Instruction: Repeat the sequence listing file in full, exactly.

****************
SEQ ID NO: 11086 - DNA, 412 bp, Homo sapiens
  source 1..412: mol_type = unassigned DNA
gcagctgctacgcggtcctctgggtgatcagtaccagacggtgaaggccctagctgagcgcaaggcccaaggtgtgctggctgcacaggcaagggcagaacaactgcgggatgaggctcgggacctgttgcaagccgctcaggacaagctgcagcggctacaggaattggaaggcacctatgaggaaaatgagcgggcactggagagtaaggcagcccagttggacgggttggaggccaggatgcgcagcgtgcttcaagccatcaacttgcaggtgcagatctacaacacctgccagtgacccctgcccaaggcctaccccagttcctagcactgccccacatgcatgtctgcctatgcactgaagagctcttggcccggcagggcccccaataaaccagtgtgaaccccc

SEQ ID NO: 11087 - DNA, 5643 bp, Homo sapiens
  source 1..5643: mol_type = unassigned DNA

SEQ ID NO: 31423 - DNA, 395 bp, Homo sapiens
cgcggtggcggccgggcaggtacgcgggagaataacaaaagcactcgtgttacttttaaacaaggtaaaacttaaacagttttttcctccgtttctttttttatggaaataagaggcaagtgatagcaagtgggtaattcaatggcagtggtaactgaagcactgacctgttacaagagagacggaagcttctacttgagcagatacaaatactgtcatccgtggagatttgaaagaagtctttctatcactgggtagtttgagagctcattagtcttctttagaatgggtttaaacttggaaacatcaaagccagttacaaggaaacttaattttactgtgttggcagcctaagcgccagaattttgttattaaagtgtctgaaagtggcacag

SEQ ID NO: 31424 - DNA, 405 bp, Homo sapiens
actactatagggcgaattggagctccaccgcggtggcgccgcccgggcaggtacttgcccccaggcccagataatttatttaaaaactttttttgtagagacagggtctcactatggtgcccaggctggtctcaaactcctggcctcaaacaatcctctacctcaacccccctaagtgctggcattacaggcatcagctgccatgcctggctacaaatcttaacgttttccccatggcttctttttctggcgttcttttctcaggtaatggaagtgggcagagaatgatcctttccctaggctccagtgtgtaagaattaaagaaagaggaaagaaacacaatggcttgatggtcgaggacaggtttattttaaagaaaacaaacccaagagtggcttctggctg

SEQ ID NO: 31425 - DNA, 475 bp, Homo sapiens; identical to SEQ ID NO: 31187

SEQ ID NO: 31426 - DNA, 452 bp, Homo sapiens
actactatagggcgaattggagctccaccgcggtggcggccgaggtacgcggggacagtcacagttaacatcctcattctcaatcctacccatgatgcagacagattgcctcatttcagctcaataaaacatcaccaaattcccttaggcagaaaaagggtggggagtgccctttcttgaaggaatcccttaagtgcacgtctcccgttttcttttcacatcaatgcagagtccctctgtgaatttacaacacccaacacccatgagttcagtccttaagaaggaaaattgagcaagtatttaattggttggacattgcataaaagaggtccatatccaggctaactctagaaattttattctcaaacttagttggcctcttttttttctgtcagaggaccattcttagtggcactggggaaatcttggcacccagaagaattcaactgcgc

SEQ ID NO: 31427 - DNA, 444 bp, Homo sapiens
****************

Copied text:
SEQ ID NO: 11086 - DNA, 412 bp, Homo sapiens
  source 1..412: mol_type = unassigned DNA
gcagctgctacgcggtcctctgggtgatcagtaccagacggtgaaggccctagctgagcgcaaggcccaaggtgtgctggctgcacaggcaagggcagaacaactgcgggatgaggctcgggacctgttgcaagccgctcaggacaagctgcagcggctacaggaattggaaggcacctatgaggaaaatgagcgggcactggagagtaaggcagcccagttggacgggttggaggccaggatgcgcagcgtgcttcaagccatcaacttgcaggtgcagatctacaacacctgccagtgacccctgcccaaggcctaccccagttcctagcactgccccacatgcatgtctgcctatgcactgaagagctcttggcccggcagggcccccaataaaccagtgtgaaccccc

SEQ ID NO: 11087 - DNA, 5643 bp, Homo sapiens
  source 1..5643: mol_type = unassigned DNA

SEQ ID NO: 31423 - DNA, 395 bp, Homo sapiens
cgcggtggcggccgggcaggtacgcgggagaataacaaaagcactcgtgttacttttaaacaaggtaaaacttaaacagttttttcctccgtttctttttttatggaaataagaggcaagtgatagcaagtgggtaattcaatggcagtggtaactgaagcactgacctgttacaagagagacggaagcttctacttgagcagatacaaatactgtcatccgtggagatttgaaagaagtctttctatcactgggtagtttgagagctcattagtcttctttagaatgggtttaaacttggaaacatcaaagccagttacaaggaaacttaattttactgtgttggcagcctaagcgccagaattttgttattaaagtgtctgaaagtggcacag

SEQ ID NO: 31424 - DNA, 405 bp, Homo sapiens
actactatagggcgaattggagctccaccgcggtggcgccgcccgggcaggtacttgcccccaggcccagataatttatttaaaaactttttttgtagagacagggtctcactatggtgcccaggctggtctcaaactcctggcctcaaacaatcctctacctcaacccccctaagtgctggcattacaggcatcagctgccatgcctggctacaaatcttaacgttttccccatggcttctttttctggcgttcttttctcaggtaatggaagtgggcagagaatgatcctttccctaggctccagtgtgtaagaattaaagaaagaggaaagaaacacaatggcttgatggtcgaggacaggtttattttaaagaaaacaaacccaagagtggcttctggctg

SEQ ID NO: 31425 - DNA, 475 bp, Homo sapiens; identical to SEQ ID NO: 31187

SEQ ID NO: 31426 - DNA, 452 bp, Homo sapiens
actactatagggcgaattggagctccaccgcggtggcggccgaggtacgcggggacagtcacagttaacatcctcattctcaatcctacccatgatgcagacagattgcctcatttcagctcaataaaacatcaccaaattcccttaggcagaaaaagggtggggagtgccctttcttgaaggaatcccttaagtgcacgtctcccgttttcttttcacatcaatgcagagtccctctgtgaatttacaacacccaacacccatgagttcagtccttaagaaggaaaattgagcaagtatttaattggttggacattgcataaaagaggtccatatccaggctaactctagaaattttattctcaaacttagttggcctcttttttttctgtcagaggaccattcttagtggcactggggaaatcttggcacccagaagaattcaactgcgc

SEQ ID NO: 31427 - DNA, 444 bp, Homo sapiens